Get all of Rohan Nadkarni’s stories as soon as they’re published. Download the new Sports Illustrated app (iOS or Android) and personalize your experience by following your favorite teams and SI writers.
For the first time in franchise history, the Toronto Raptors are in the Eastern Conference finals.
Buoyed by a dominant Game 7 performance to vanquish the Miami Heat, the Raptors will face the Cleveland Cavaliers with a trip to the NBA Finals at stake.
The hero for Toronto in Game 7 was Kyle Lowry, who scored 35 points to lead all players in a 116–89 home win on Sunday. Miami hung around for most of the game, until the Raptors broke the Heat’s will in the fourth quarter, abusing the small-ball lineup that had unlocked Miami’s offense in Game 6.
The Raptors out-rebounded the Heat 50–30, including 20–7 on the offensive glass. Miami’s defense struggled all game, with the constant switching leaving the Heat’s guards exposed on the glass. Toronto’s aggressiveness manifested itself in a huge advantage at the free-throw line, where the Raptors attempted 43 free throws to Miami’s 23.
The Heat could never break through, seemingly giving up an offensive rebound during every critical possession. Miami’s guards also failed to live up to their previous when-facing-elimination games from earlier this postseason. Goran Dragic and Dwyane Wade each had 16 points, with both looking shockingly passive at times. The rest of Miami’s cast did little to make up for the glaring absences of Hassan Whiteside and Chris Bosh.
Of course, the story was Lowry, who carried a team shooting poorly all playoffs by unleashing his third 30-point game of the series (Lowry is the first Raptors player with back-to-back 35-point games.) The narrative may suggest Lowry fixed his accuracy struggles with a late-night shooting session after a Game 1 loss. In reality, Lowry shot 40.1% for the series, and Game 7 was only his second game in the playoffs shooting more than 50%.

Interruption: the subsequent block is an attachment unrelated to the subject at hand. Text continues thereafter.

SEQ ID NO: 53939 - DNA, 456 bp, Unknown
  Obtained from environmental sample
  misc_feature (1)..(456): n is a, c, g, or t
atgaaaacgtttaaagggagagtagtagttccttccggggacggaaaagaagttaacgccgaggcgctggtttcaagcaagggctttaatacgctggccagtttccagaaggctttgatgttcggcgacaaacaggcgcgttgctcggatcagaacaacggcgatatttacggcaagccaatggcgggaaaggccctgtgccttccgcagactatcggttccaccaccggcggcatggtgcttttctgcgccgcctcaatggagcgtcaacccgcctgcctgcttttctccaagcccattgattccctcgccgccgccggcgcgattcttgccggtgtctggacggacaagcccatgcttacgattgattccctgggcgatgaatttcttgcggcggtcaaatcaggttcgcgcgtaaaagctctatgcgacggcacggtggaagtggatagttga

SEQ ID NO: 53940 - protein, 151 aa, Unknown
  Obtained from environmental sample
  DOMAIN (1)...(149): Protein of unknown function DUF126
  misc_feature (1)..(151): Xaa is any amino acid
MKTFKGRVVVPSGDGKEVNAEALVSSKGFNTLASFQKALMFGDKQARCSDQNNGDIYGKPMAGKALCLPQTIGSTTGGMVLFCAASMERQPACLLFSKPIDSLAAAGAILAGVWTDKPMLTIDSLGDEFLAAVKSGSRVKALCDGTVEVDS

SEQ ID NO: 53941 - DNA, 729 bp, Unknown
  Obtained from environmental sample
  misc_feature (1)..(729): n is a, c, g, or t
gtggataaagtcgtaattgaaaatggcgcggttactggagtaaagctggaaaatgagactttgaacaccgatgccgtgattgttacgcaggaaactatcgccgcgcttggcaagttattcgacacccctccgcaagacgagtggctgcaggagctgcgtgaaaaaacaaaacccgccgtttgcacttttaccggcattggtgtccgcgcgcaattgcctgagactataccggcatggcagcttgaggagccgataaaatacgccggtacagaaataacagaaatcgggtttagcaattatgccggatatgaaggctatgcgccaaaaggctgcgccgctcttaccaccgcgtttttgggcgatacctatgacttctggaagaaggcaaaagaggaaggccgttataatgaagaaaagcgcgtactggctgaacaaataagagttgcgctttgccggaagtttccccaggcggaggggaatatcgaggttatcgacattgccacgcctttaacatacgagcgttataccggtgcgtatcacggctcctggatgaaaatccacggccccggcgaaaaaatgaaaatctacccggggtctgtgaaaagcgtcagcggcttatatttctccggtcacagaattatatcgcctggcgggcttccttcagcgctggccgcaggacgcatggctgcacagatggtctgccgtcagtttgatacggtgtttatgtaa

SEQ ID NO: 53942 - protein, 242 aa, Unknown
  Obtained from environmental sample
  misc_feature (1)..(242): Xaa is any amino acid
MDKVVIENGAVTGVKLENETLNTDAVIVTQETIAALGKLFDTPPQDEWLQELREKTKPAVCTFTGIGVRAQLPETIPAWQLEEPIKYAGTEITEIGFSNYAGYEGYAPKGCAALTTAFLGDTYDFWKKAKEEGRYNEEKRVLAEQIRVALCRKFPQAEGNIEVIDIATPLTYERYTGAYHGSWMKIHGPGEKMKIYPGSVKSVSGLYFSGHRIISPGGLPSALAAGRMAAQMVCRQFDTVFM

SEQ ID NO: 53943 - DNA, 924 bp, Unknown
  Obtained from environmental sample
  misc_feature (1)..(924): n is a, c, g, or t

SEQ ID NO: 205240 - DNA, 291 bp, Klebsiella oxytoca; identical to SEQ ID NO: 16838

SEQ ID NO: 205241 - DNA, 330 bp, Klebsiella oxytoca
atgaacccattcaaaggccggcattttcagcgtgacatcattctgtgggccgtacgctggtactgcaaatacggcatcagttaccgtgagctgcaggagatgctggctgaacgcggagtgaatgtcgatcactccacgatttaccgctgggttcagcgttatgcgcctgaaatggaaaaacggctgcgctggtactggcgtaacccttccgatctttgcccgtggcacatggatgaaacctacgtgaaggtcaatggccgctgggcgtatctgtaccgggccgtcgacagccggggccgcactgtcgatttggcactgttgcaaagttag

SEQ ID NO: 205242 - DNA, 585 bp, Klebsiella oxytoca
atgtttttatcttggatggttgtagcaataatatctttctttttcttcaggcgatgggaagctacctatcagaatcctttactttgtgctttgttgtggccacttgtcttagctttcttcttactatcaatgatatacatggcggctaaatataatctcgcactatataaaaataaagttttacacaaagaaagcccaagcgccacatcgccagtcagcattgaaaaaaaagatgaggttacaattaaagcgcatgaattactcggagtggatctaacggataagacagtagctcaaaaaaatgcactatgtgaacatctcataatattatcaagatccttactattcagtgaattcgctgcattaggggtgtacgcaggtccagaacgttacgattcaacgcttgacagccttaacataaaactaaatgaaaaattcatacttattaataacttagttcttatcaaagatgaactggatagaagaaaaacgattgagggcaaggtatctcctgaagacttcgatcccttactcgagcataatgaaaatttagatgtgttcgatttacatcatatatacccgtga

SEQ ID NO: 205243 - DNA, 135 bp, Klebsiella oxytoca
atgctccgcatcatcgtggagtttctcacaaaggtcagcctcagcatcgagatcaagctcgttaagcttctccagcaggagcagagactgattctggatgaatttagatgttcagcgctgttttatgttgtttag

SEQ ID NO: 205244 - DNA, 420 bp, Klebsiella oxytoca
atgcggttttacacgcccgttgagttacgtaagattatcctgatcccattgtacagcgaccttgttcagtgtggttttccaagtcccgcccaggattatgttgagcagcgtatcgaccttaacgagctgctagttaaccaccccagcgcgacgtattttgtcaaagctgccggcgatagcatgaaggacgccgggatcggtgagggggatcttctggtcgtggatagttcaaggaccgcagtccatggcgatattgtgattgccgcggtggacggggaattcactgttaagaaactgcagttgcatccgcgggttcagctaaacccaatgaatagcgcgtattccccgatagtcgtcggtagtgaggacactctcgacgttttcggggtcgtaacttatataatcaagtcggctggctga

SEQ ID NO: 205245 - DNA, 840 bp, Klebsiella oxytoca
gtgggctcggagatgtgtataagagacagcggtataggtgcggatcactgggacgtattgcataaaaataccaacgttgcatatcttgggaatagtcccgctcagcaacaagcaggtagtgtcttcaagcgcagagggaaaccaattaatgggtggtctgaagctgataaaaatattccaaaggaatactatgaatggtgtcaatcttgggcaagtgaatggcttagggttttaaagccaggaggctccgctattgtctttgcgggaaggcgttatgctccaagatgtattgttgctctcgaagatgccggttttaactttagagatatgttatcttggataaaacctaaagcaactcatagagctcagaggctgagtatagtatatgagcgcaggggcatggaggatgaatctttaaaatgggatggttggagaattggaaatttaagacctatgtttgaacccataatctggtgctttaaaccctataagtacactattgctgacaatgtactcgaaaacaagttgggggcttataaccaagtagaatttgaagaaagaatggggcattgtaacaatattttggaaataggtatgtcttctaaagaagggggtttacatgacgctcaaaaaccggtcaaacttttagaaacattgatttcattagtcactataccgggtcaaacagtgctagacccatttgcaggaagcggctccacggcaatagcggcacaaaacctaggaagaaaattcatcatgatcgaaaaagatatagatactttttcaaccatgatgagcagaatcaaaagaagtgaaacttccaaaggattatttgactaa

But Lowry did find something in the last three games of the series, particularly at the three-point line, where he shot nearly 60% from Game 5 onward. Lowry flashed his entire game Sunday, hitting threes off the dribble, getting to the line and pushing the ball for easy scores in transition. It was the kind of game Raptors fans had been waiting to see for years, which they now need from Lowry if there’s any chance to topple Cleveland. DeMar DeRozan scored 28 for the Raptors, though he needed 29 field goals and seven free-throw attempts to get there.
Toronto’s season should already be considered a success. The up-and-down playoffs aside, Toronto was not necessarily a popular preseason pick to be this close to a Finals berth. It will have the slimmest of chances against Cleveland with Game 1 starting Tuesday, and hopefully the lack of pressure loosens up the team to play more freely.
A welcome sight in the Eastern Conference finals would be the continued emergence of Bismack Biyombo. The Congolese center was huge for the Raptors after the series-ending ankle sprain to starting center Jonas Valanciunas, controlling rebounds and finishing with aplomb on pick and rolls. If and when Cleveland plays lineups without a traditional center, Biyombo will have to do the same to the Cavaliers what he did to the Heat.
The playoffs are a war of attrition if this Raptors-Heat series proved anything other than how much ugly basketball purists are willing to watch. Toronto outlasted Miami, with the its frontcourt depth ultimately being the difference. But much bigger battles remain for Toronto, who now have to face a rested, hungry and healthy Cavaliers squad.